The collection of the Auckland Studio Potters is a working resource for the organisation and it members which largely features works made by visiting local and international tutors. These are works produced at short workshops where works have been progressed to stage where they can be bisque fired. In this selection are works made by some of the Fletcher Challenge Ceramics Awards judges who conducted workshops when they were in Auckland. The installation features works by Jeff Mincham, Ron Nagle, Akio Takamori, Takeshi Yasuda and Torbjorn Kvasbo.


Auckland Studio Potters (ASP) is a long standing professional association that has long been the region's ceramics hub. Especially instrumental in training, the centre offers short term recreational through to diploma courses. A major international art award in its time, The Fletcher Challenge Ceramics Award (1977-98) was an initiative of the Auckland Studio Potters and from the outset the Award was predicated on having an international judge. Judges were selected for their ability to jury what became one of the world's most prestigious ceramics awards, while at a local level they contributed to the professional development of ASP members leading studio workshops at the ASP Centre whilst staying in New Zealand. As workshop leaders they added works to ASP's rapidly growing ceramic collection.

This Objectspace Vault installation - a collection of ceramics largely made by visiting ASP tutors, some of whom were Fletcher Challenge Award judges - showcases the products of these brief (often one day only) and intensive workshops. The works on display are not 'finished' for the simple reason that there was no time for the maker to complete the work during the workshop.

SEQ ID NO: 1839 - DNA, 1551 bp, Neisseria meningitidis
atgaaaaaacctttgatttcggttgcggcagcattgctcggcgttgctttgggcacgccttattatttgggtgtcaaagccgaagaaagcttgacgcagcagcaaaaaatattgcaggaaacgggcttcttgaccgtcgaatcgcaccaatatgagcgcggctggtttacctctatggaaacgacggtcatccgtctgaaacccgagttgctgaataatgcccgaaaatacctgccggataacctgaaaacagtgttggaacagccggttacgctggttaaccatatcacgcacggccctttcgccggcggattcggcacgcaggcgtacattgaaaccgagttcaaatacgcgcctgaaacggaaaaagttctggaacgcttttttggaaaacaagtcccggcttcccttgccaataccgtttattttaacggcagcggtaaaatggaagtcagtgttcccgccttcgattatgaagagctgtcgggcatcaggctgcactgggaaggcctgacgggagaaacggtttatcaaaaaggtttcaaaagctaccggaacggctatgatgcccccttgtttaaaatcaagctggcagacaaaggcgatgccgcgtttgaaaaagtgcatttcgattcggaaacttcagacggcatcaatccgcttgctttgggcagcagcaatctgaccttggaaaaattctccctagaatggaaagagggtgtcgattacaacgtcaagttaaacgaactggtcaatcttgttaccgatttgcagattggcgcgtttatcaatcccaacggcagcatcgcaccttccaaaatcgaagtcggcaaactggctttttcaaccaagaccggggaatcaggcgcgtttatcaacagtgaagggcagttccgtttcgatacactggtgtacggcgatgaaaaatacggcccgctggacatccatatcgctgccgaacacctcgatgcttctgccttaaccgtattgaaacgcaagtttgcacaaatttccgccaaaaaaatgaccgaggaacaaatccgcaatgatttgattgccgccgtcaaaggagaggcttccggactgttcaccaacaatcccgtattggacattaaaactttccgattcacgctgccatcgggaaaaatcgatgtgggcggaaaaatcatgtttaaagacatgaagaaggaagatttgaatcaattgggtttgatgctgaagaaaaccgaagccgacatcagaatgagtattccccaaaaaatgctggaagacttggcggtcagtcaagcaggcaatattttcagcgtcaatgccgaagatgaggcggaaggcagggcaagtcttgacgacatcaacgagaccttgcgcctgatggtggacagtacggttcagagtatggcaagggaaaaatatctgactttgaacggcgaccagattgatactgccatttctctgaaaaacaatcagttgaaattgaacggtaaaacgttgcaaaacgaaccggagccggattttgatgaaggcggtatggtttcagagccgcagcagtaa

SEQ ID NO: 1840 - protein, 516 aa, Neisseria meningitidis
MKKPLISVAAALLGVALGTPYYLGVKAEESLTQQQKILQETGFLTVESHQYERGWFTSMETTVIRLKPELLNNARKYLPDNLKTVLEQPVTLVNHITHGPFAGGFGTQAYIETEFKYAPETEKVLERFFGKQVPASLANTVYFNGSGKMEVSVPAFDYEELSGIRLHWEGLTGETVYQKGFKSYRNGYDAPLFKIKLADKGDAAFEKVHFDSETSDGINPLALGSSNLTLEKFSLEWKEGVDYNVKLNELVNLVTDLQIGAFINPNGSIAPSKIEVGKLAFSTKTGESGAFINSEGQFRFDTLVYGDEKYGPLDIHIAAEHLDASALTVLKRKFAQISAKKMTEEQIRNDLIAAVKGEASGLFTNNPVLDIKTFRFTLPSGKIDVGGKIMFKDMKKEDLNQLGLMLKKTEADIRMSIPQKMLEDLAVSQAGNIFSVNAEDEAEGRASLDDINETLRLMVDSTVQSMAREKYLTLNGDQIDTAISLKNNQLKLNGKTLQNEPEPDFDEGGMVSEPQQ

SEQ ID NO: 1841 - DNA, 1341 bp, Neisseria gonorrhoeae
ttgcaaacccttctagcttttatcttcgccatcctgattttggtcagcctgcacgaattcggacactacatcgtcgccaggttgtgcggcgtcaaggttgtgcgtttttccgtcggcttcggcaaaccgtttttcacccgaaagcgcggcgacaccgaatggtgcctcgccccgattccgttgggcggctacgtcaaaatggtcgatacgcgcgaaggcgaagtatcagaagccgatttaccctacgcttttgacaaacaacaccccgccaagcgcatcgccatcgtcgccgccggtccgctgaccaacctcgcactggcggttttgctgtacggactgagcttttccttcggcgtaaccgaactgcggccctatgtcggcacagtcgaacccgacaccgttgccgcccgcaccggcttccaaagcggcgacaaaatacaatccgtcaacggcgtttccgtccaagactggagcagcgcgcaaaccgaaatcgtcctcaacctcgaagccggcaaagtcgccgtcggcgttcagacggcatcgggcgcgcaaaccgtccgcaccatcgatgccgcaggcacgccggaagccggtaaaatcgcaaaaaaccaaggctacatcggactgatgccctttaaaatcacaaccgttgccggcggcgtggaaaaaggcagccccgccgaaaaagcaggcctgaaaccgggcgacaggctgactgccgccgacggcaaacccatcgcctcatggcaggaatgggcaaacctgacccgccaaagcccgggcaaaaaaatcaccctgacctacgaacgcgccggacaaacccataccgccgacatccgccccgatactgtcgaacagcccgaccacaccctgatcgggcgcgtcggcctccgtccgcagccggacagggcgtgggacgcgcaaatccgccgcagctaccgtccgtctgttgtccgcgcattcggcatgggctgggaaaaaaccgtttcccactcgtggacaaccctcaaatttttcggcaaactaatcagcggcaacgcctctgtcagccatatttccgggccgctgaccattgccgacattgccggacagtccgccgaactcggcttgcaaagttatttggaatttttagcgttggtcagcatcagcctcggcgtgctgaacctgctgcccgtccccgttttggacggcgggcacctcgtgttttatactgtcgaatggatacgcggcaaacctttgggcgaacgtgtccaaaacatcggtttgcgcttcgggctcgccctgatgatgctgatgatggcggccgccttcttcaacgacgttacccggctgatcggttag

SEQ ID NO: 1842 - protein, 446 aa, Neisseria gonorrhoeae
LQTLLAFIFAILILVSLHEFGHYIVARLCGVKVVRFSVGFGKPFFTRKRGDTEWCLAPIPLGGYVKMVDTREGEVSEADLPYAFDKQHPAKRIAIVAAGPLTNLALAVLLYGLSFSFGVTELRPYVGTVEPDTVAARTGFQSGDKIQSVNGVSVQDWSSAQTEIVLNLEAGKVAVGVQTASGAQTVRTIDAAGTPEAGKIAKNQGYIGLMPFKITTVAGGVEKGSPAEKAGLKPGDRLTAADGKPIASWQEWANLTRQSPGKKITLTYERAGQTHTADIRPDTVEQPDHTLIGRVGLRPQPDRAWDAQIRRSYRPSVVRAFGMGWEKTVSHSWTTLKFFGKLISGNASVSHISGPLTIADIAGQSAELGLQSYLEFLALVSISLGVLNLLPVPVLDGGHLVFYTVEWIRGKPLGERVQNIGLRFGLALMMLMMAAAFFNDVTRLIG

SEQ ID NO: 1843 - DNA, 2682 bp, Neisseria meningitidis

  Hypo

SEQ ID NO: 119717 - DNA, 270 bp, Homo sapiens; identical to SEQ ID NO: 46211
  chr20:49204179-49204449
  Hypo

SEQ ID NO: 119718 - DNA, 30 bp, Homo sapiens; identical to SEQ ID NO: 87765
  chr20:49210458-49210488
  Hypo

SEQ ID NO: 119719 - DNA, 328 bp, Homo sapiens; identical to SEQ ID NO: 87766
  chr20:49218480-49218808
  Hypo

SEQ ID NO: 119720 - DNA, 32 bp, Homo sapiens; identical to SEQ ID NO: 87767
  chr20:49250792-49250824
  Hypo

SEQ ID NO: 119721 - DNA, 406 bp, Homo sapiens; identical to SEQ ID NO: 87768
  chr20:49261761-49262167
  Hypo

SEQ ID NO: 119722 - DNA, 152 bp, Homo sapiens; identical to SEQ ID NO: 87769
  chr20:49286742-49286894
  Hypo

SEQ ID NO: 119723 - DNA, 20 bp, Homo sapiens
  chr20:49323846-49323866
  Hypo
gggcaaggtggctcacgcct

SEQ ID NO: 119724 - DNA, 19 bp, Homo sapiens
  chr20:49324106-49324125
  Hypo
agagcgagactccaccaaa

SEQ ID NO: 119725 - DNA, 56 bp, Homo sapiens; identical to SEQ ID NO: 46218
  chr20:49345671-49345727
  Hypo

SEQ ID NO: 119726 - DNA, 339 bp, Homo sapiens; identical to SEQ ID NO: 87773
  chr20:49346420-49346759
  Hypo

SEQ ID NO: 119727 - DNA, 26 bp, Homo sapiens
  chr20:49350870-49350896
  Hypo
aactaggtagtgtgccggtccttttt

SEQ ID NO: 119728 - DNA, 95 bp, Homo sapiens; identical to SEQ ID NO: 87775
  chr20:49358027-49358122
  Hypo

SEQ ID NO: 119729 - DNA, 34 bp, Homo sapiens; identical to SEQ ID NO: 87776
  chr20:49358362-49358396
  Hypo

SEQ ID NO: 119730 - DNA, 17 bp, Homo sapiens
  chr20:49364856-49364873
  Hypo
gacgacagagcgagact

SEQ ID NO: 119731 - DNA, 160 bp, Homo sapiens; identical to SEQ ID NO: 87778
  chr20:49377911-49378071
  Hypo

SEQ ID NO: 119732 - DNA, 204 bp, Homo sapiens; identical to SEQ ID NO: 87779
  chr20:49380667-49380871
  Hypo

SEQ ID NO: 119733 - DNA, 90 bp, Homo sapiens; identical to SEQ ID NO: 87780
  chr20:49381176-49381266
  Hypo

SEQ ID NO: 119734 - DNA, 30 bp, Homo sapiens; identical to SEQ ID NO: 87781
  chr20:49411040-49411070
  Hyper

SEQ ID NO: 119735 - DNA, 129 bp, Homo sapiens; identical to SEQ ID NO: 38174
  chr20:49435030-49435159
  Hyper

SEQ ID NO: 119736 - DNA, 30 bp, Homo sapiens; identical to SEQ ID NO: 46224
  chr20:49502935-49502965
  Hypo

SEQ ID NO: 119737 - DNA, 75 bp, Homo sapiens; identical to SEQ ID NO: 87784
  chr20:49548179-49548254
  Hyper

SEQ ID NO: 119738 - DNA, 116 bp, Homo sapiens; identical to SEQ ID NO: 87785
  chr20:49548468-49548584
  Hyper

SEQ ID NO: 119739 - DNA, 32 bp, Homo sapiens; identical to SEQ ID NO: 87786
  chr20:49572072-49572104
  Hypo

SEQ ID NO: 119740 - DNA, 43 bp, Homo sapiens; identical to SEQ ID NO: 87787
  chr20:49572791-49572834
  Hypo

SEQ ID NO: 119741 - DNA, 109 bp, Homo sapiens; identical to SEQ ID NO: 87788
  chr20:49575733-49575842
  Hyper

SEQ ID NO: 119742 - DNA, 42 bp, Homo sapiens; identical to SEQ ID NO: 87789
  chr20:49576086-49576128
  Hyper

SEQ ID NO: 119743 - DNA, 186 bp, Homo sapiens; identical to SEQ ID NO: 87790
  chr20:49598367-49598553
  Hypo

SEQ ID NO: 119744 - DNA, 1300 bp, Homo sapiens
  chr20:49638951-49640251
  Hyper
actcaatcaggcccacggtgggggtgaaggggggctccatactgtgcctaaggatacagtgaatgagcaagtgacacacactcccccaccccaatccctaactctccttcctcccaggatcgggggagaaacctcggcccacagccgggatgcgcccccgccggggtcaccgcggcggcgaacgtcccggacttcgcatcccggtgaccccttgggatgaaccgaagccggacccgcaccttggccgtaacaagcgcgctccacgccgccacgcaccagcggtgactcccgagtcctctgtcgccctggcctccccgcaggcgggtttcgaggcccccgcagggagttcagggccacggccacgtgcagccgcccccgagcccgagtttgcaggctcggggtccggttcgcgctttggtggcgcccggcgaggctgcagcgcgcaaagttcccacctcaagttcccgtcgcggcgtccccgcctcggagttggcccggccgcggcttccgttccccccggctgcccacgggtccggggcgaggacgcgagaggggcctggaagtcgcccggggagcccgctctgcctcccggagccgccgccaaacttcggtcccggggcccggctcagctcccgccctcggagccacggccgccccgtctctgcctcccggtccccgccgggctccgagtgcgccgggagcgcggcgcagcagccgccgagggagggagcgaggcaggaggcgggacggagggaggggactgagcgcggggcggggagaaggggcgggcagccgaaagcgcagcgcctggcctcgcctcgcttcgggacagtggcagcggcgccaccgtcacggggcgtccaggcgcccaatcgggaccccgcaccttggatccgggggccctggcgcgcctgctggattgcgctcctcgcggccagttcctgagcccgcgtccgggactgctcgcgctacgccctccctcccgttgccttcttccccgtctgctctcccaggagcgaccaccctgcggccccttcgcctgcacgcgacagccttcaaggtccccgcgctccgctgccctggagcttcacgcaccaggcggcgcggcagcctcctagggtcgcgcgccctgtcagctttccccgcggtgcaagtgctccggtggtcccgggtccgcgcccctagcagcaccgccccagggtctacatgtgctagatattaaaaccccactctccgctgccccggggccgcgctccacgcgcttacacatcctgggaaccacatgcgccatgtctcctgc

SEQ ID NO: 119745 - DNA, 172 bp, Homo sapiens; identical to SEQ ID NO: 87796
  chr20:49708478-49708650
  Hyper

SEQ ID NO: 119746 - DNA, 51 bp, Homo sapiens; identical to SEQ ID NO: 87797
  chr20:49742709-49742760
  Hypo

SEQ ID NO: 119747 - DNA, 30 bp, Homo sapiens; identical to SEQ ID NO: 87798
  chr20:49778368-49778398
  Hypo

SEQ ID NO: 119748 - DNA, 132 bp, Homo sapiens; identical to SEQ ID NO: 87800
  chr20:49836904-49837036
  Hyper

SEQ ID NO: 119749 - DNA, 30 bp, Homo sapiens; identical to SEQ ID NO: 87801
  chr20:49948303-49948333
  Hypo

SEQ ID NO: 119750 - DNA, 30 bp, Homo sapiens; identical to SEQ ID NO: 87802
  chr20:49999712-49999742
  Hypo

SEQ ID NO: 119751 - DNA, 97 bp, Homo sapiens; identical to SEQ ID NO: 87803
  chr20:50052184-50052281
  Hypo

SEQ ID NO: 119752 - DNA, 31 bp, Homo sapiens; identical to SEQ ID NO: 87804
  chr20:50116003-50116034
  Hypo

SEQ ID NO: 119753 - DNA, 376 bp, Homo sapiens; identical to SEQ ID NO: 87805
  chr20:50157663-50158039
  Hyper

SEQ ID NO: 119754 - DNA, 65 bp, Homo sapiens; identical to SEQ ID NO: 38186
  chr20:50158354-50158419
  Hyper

The ASP collection is a hard working reference collection easily accessible to students and visitors. For instance, at the Auckland Museum, visitors can view a ‘finished' Takashi Yasuda work (behind glass). ASP visitors by contrast are able to closely view and handle a number of incomplete bisque fired Takashi Yasuda works made at about the same time. In the last years of the Fletcher Challenge Award five day workshops were sometimes held, which enabled works to be finished, as in the case of works made in 1998 by Torbjorn Kvasbo from Norway.


The collected works on show at Objectspace are neatly emblematic of an initiative that has always focused on excellence, internationalism and professional development and has contributed a great deal to local community development.

Torbjorn Kvasbo (NO), Pillow Form, 1998.